Updated at 9:50 a.m. to correctly describe council member Deb Armintor's Denton residency, and that the Civil Rights Act was enacted in 1964.
A Denton man calling himself a “proud but increasingly concerned native” warned the City Council Tuesday night that he would initiate a recall petition against council member Deb Armintor for her social activism.
William Freeman also left behind a cease-and-desist letter threatening to sue Armintor for blocking him from her campaign’s Facebook page.
“This isn’t a crusade, but these are the options she left me with,” Freeman, 31, said in an interview Wednesday. “She has slandered this city, calling it a hateful, racist place with hateful bigots. She doesn’t support our local culture.”
During the open mic session that the City Council holds at the beginning of each regular meeting, Freeman said Armintor is an agent of the Southern Poverty Law Center. He said her work “reviled the ancestry of the citizens of this peaceful community for far too long.”
Armintor, who has lived in Denton since 2002, denied having any such affiliation with the center, but she said she understands why her work is a lightning rod. She campaigned for office to get reforms in the executive suite at City Hall and at Denton Municipal Electric, not for social issues. Regardless, she presses for change, she said.
“I’m aware that just by being Jewish, I have white skin and privilege, and that comes with responsibility,” Armintor said Wednesday. “I don’t think left wing or right wing, but you have to use your position to speak up for people who can’t.”
On Tuesday night, Freeman called the Southern Poverty Law Center a hate group and said Armintor holds a deep affection for them.
“I have trouble accepting that she’s done that little research on them,” he added Wednesday.
The Southern Poverty Law Center, based in Montgomery, Alabama, began in 1971 after prominent businessman and lawyer Morris Dees noticed that few other lawyers would take on civil rights cases. The Civil Rights Act of 1964 was the law of the land, but the resistance to it, particularly in the South, was strong. Dees sold his business to start the nonprofit legal center and persuaded another lawyer to join him.
Their successful cases changed the legal landscape in Alabama. They also won multimillion-dollar judgments for their clients against white supremacist groups, essentially shutting them down.
Dees, 82, was fired by the nonprofit’s board in March, a move linked to workplace conduct, according to national media reports. Those same reports said the nonprofit’s endowment approached a half-billion dollars.
Although not its primary mission, the center still tracks hate groups of all stripes and lists 14 groups with statewide activities that include North Texas.
SPLC officials denied that the center itself is a hate group, in a prepared statement to the Denton Record-Chronicle:
“Our goal with tracking hate and extremism is to educate the public on groups and organizations that fall into our definition of a hate group. Our intention is not to silence or infringe upon anyone’s rights to free speech and opposing viewpoints.”
On Tuesday night, Freeman did not say anything publicly about the claims in his cease-and-desist letter. In the letter, he said Armintor violated his First Amendment rights by blocking him from her campaign’s Facebook page.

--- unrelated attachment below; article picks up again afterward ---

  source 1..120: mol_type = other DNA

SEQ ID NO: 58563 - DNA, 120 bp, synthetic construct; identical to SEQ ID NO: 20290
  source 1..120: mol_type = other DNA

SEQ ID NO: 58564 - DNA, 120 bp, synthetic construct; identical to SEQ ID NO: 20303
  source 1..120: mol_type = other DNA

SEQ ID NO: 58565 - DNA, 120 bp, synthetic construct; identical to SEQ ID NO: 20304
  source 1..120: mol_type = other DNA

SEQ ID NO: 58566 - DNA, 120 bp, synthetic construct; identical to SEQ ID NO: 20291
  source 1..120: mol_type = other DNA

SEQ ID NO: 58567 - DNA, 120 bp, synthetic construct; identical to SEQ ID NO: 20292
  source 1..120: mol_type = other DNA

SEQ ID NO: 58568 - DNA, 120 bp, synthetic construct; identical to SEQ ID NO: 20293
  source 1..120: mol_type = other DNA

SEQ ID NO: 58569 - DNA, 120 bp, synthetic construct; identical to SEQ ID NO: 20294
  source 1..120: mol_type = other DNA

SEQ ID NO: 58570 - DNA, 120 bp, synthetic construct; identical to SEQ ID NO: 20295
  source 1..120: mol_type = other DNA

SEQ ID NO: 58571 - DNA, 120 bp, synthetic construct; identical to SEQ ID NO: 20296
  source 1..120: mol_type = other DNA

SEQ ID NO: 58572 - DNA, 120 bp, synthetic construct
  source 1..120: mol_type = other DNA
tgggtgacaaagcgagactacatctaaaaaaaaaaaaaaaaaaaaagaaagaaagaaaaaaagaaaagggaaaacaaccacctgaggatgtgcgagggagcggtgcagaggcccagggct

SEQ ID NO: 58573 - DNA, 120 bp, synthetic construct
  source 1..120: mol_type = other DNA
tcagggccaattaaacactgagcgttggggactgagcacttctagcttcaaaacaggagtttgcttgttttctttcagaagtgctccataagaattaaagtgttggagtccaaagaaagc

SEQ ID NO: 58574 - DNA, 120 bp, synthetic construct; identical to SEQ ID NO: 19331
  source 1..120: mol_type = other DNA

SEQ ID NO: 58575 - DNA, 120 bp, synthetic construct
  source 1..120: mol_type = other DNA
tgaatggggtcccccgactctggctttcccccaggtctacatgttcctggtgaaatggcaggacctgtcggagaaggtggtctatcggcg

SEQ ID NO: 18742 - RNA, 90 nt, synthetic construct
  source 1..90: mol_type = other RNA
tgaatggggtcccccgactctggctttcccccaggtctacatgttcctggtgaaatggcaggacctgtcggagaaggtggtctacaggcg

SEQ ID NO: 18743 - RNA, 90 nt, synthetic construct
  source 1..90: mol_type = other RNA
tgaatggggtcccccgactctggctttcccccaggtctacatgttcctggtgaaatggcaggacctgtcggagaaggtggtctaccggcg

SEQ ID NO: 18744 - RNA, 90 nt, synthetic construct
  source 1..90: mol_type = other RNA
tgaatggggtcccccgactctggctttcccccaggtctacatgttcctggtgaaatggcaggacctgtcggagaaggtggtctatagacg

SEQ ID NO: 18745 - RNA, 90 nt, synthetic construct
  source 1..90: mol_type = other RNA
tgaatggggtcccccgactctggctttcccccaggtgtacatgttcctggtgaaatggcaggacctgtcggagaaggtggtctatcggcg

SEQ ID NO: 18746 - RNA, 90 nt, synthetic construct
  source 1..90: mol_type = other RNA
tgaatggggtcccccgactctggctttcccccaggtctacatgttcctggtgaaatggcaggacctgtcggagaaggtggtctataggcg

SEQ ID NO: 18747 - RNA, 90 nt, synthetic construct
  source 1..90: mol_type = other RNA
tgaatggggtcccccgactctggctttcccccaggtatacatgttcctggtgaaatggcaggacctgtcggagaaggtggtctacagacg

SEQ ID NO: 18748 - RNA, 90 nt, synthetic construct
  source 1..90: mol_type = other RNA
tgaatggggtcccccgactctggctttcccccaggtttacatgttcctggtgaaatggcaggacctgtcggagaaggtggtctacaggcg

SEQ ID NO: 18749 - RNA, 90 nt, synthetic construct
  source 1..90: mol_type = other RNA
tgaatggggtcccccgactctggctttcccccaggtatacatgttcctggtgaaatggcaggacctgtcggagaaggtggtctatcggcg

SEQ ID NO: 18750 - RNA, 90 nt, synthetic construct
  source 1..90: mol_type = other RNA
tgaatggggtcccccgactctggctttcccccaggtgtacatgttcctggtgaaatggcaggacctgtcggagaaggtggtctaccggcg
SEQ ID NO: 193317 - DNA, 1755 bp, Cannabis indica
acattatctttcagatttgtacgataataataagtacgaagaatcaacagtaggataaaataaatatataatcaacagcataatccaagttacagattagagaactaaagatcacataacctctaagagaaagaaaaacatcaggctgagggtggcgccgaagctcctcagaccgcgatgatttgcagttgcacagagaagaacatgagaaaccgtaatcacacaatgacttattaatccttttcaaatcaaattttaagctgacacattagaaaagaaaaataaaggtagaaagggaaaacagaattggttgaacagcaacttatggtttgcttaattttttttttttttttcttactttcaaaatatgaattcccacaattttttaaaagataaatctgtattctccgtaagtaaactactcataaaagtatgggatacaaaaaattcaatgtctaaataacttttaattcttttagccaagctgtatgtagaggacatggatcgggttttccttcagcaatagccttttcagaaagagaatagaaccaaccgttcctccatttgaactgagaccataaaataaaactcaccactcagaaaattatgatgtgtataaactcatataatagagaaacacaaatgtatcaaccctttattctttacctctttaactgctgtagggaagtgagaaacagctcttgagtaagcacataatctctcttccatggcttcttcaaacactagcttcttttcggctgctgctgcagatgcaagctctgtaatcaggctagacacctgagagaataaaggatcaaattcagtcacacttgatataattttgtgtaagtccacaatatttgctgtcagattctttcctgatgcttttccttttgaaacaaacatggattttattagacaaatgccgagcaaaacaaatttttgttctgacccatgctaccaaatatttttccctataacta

Armintor confirmed she had blocked his account but only after several questionable interactions online, she said. She tried to find out whether he was a resident who needed help with a specific city issue. The public-facing elements of his Facebook page gave few clues to who Freeman was and had more in common with fake accounts than one that was authentic, she said.
During Wednesday’s interview, Freeman said the social media issue wasn’t about trolling but about his First Amendment rights to express his views.
“Council member Armintor has over and over blurred the lines of who she represents,” Freeman said.
He said he was talking to an attorney about pursuing legal action against Armintor, considering last month’s decision from the U.S. Court of Appeals for the 2nd Circuit, in New York, which found that because President Donald Trump uses his personal Twitter account for government purposes, he violated the Constitution by blocking some users from seeing his posts.
But Freeman said he hoped it wouldn’t come to that.
“I have the right to petition the redress of my government,” Freeman said.
Freeman was raised in Denton and has traveled the nation and the globe, he said. He worked for several years as a contract canvasser for various initiatives, particularly in California. While he hasn’t identified anyone yet to help with the canvas, he said he is confident he can get the required signatures for a recall, if necessary.
The Denton City Charter empowers voters to force a special recall election under certain conditions. In 2014, voters rejected a charter amendment that would have made it more difficult to recall council members, letting long-standing provisions remain.
To recall Armintor, Freeman and four other canvassers, called electors, would have to write a clear and concise statement for the grounds of removal on the petition. Then they would have to collect enough verifiable signatures (with printed full name, address and date) to total 25% of all ballots cast in Armintor’s last election.
A total of 6,506 ballots were cast in the Denton City Council Place 5 runoff election in June 2018, which means Freeman would have to collect 1,627 signatures in a 45-day window to qualify.
Armintor’s term ends in May 2020.